Again, it would appear that the left hand is not speaking to the right in one of Australia’s police departments. This is the case because the accuracy of Victoria Police’s gun registry has again been called into question after an internal investigation found dozens of firearms were “lost”. In fact, out of an audit of nearly 1000 firearms – conducted by the police’s Licensing and Regulation Division -81 guns could not be accounted for.

For further information about the 2018 story click here  

Superintendent Paul Millett and obtained under freedom of information laws – found 81 firearms “could not be identified,” the report revealed.

Police, however, said it was up to registered gun dealers to maintain accurate records, and that Mr Barlow – who lost his licence following the 2014 audit after police charged him with a range of firearm offences – had failed to do so.

In 2010 the same problem was flagged.

Deputy Commissioner Kieran Walshe said:

“I’m more confident from the advice I’ve been given that the probability is that these firearms have been marked for destruction [or] have been destroyed,” he said.
“But unfortunately, our record-keeping has been poor, and we haven’t been able to reconcile the destruction on the databases.”

Given the database discrepancies there is some legitimate public concern that the location of the seized guns being not known increases the risk they could end up on the black market and/or used in crime.

However, Deputy Commissioner Walshe said

“there has been no indication of inappropriate behaviour by any police member”.


Following the Port Arthur Massacre in 1996 Parliament introduced the The Firearms Act 1996 (NSW) which effectively requires anyone who wants to own, possess, or carry a firearm, including handguns and long arms, to obtain a fire arm licence.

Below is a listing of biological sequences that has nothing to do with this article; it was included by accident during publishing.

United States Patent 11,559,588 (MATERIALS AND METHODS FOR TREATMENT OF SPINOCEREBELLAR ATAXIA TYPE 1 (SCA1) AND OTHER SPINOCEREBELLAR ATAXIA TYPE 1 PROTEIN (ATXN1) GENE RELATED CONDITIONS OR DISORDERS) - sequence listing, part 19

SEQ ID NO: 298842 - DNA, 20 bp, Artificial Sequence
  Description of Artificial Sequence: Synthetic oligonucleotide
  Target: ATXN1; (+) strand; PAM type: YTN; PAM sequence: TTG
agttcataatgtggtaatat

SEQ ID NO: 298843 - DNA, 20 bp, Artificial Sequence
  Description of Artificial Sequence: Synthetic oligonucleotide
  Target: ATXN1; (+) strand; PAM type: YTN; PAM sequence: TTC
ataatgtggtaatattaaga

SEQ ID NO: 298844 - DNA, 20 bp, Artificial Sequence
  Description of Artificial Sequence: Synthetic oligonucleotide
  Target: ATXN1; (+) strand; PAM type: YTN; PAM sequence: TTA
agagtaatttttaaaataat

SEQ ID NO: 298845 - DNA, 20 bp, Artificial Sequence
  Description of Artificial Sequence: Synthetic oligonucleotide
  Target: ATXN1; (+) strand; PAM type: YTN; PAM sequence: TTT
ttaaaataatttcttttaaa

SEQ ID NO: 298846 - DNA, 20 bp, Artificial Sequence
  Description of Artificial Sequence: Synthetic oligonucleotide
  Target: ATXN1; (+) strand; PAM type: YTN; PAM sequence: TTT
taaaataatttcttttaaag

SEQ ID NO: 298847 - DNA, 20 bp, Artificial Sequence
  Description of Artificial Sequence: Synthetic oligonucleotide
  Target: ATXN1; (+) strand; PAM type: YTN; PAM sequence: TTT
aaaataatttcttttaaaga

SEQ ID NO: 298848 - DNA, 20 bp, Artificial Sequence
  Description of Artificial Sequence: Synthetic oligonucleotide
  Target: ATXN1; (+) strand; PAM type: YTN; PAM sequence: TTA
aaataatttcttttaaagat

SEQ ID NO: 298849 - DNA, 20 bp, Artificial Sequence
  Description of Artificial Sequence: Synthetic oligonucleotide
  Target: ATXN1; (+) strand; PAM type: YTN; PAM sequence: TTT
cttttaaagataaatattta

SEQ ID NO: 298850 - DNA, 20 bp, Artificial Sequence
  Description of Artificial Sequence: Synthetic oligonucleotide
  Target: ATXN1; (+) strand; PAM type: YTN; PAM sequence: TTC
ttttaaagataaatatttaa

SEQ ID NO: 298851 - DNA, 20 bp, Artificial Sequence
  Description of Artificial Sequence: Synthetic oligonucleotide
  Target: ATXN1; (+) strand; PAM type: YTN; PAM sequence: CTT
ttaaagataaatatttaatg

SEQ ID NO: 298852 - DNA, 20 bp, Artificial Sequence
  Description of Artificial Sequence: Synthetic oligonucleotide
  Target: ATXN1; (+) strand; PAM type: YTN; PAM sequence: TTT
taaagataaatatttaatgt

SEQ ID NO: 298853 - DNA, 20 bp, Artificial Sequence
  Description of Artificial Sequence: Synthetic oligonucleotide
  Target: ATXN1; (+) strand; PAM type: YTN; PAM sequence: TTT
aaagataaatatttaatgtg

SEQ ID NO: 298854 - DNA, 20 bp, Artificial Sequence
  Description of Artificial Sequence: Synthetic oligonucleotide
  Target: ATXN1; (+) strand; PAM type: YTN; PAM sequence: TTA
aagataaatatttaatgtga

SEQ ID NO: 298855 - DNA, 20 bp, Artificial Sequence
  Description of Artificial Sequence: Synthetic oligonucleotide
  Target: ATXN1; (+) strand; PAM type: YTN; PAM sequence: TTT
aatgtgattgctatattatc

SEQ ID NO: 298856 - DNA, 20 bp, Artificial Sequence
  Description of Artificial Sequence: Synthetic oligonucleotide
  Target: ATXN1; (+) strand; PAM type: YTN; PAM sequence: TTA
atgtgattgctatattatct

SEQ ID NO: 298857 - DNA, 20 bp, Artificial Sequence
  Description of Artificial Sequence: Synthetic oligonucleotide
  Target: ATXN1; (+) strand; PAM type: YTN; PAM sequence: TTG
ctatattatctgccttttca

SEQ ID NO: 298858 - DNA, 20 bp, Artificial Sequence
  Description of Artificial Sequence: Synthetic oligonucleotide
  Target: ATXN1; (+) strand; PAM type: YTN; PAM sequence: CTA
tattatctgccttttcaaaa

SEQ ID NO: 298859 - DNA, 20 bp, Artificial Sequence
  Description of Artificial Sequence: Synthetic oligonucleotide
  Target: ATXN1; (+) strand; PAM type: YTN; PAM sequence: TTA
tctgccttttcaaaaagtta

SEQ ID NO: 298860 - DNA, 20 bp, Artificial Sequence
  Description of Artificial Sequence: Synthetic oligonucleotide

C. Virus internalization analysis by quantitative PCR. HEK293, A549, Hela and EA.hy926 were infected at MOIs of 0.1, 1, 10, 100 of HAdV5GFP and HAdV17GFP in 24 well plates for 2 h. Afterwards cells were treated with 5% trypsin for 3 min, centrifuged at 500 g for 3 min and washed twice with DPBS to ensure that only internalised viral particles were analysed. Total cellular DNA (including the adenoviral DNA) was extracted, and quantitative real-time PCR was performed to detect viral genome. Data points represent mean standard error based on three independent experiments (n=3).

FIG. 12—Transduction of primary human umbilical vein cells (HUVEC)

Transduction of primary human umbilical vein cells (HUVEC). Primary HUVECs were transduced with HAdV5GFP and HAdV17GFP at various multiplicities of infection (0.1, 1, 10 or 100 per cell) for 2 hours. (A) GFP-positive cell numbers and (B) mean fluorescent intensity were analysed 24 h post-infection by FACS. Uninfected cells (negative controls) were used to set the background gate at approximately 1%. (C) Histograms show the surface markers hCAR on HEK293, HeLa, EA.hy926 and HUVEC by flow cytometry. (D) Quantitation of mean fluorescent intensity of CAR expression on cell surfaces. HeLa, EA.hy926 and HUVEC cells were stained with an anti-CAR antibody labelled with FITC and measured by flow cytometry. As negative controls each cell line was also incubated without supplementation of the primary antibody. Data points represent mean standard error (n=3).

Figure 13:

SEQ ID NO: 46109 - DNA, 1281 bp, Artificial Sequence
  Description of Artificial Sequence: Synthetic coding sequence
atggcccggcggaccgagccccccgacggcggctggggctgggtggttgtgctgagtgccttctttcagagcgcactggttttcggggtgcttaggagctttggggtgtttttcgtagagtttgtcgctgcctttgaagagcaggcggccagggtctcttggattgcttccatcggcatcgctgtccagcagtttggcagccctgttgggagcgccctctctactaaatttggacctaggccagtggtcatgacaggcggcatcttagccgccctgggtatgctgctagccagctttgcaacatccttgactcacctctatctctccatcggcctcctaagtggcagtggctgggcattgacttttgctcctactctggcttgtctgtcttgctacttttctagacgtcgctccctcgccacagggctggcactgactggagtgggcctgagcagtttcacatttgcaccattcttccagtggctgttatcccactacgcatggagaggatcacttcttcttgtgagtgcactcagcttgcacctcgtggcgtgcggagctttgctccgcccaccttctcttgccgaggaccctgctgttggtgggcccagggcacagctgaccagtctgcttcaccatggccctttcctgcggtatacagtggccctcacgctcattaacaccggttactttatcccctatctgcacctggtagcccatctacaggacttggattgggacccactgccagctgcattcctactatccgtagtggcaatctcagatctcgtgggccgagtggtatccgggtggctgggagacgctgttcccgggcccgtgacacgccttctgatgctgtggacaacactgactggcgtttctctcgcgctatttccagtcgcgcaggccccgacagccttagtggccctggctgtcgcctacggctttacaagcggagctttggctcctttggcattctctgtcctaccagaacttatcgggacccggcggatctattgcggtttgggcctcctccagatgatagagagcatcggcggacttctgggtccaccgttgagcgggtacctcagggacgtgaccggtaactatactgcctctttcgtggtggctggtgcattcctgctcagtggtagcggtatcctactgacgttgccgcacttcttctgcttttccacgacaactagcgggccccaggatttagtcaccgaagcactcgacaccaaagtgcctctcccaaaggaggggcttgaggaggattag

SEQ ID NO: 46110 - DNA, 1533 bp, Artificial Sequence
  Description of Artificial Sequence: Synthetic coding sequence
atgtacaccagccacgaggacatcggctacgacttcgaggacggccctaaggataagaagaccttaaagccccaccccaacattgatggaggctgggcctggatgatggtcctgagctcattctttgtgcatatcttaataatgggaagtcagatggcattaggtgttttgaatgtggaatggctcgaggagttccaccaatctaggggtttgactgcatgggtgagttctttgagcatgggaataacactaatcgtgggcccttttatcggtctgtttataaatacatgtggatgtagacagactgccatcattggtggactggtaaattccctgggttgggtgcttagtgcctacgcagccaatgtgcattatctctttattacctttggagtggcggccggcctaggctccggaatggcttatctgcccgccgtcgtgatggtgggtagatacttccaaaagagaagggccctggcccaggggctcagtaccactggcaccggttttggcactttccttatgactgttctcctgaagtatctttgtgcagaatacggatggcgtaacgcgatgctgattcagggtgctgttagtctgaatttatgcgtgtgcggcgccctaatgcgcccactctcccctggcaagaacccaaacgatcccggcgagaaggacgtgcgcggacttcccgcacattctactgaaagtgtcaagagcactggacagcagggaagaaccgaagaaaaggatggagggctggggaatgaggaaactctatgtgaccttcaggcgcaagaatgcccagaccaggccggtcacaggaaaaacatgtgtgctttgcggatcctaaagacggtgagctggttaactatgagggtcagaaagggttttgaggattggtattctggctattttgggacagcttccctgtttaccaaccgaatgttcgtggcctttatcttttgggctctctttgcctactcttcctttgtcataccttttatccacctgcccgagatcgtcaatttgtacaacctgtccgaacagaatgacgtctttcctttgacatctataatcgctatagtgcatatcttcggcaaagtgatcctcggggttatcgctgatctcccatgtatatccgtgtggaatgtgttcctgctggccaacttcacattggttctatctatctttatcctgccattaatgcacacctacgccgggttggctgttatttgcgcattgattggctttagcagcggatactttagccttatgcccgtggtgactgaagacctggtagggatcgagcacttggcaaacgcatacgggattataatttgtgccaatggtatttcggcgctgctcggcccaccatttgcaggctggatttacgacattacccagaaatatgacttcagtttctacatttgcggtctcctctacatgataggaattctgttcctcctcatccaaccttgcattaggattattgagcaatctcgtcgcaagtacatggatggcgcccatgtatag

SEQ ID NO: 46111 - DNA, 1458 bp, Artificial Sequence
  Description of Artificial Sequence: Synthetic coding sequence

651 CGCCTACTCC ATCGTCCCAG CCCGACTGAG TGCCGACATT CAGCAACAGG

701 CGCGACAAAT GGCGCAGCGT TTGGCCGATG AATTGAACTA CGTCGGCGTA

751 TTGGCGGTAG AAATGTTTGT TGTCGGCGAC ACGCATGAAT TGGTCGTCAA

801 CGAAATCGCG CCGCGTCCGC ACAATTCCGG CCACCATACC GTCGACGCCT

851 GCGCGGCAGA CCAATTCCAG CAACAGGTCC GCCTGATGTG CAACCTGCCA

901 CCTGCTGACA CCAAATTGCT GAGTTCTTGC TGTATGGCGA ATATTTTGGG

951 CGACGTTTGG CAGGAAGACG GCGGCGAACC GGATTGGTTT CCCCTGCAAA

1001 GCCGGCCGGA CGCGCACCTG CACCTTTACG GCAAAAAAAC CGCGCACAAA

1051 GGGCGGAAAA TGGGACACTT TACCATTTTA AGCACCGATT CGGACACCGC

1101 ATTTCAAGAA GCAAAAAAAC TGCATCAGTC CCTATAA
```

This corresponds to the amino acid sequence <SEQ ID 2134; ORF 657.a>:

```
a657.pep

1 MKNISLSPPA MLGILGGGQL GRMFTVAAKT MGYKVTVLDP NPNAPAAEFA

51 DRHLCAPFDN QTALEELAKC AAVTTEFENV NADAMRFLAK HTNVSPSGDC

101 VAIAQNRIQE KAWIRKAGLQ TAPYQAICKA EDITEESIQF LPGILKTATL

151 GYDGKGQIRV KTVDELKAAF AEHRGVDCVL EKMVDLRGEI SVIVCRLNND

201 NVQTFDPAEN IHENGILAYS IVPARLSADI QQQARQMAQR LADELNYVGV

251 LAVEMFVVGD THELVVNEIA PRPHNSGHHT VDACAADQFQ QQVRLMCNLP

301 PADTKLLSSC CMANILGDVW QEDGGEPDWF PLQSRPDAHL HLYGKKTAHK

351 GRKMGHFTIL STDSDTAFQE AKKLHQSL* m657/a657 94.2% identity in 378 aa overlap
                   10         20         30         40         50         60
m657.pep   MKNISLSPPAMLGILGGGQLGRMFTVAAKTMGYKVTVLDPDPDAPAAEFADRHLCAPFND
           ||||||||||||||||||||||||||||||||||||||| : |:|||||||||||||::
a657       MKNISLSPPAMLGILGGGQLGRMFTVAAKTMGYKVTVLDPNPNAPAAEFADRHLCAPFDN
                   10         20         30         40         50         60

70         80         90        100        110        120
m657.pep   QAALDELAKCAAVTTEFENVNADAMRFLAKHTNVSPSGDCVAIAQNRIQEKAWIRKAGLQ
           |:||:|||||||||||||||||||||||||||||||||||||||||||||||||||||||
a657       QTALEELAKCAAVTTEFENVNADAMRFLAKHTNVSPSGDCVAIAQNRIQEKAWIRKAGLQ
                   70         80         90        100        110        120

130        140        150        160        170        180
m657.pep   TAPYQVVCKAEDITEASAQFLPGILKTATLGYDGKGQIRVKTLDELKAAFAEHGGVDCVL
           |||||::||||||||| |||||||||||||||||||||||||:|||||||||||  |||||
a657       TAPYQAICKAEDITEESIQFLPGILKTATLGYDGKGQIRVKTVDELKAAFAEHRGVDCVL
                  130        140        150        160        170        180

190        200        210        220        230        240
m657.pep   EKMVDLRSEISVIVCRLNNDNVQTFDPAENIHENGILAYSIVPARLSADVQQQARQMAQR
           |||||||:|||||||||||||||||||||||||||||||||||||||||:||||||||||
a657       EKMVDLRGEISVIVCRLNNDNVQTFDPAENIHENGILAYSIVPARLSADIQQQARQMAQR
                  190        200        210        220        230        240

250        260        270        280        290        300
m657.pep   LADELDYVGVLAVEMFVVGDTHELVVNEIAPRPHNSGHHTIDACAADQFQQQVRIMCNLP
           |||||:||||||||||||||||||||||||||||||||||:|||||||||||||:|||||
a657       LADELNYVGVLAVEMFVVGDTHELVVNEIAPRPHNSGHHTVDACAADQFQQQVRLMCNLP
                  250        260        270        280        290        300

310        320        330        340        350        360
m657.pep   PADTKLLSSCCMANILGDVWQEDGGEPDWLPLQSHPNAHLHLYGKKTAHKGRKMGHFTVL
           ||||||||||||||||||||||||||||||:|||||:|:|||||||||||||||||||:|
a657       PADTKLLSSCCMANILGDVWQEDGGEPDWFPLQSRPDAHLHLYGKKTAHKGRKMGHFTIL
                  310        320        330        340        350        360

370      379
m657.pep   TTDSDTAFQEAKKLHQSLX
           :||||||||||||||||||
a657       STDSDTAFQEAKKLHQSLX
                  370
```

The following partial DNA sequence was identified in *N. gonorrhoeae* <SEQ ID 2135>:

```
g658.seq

The Weapons Prohibition Act 1998 (NSW)(The Act)  prohibits anyone from use, possession, buying, selling, carrying or manufacturing a weapon (unless they have a valid permit).

For a further discussion of the law, different types of weapon offences and things to consider, please visit our dedicated weapons and firearm offences page

A prohibited firearm, pistol and prohibited pistol are all defined in the Act.


The following is a non-exhaustive list of outlawed weapons in NSW:

  • Firearm/s;
  • Tasers;
  • Butterfly knives;
  • Flick knives;
  • Swords;
  • Throwing stars;
  • Military-style weapons;
  • Knuckle dusters (brass knuckles);
  • Extendable batons;
  • Slingshots;
  • Imitation firearms;
  • Spear gun/s;
  • Crossbow (or any similar device);
  • Blow-gun or blow-pipe;
  • Any dart capable of being projected from a blow-gun or blow-pipe;
  • A whip (also known as a cat-o’-nine-tails);
  • Kung fu sticks or “nunchaku”;
  • A baton or any other similar article;
  • A sap glove, A studded glove, or any other similar article;
  • Anti-personnel spray and that can discharge any irritant;
  • Any acoustic or light-emitting anti-personnel device which can cause permanent or temporary incapacity or disorientate persons;
  • Any object that substantially duplicates in appearance a weapon (but not if it is a children’s toy);
  • A Bowen Knife Belt or any other similar article;
  • Body armour vests (or another similar article);
  • Handcuffs; and
  • Silencers or any other device designed for attachment to a firearm



National Criminal Lawyers only employ the best Criminal Lawyers Sydney has to offer. We service all Courts in NSW including regional areas. Moreover, we have been successful in having numerous firearms offences dealt with by way of dismissal or the non-recording of a conviction.

For more information please visit our website or call us on 02 9893 1889 for a FREE consultation with a Senior Criminal Lawyer.


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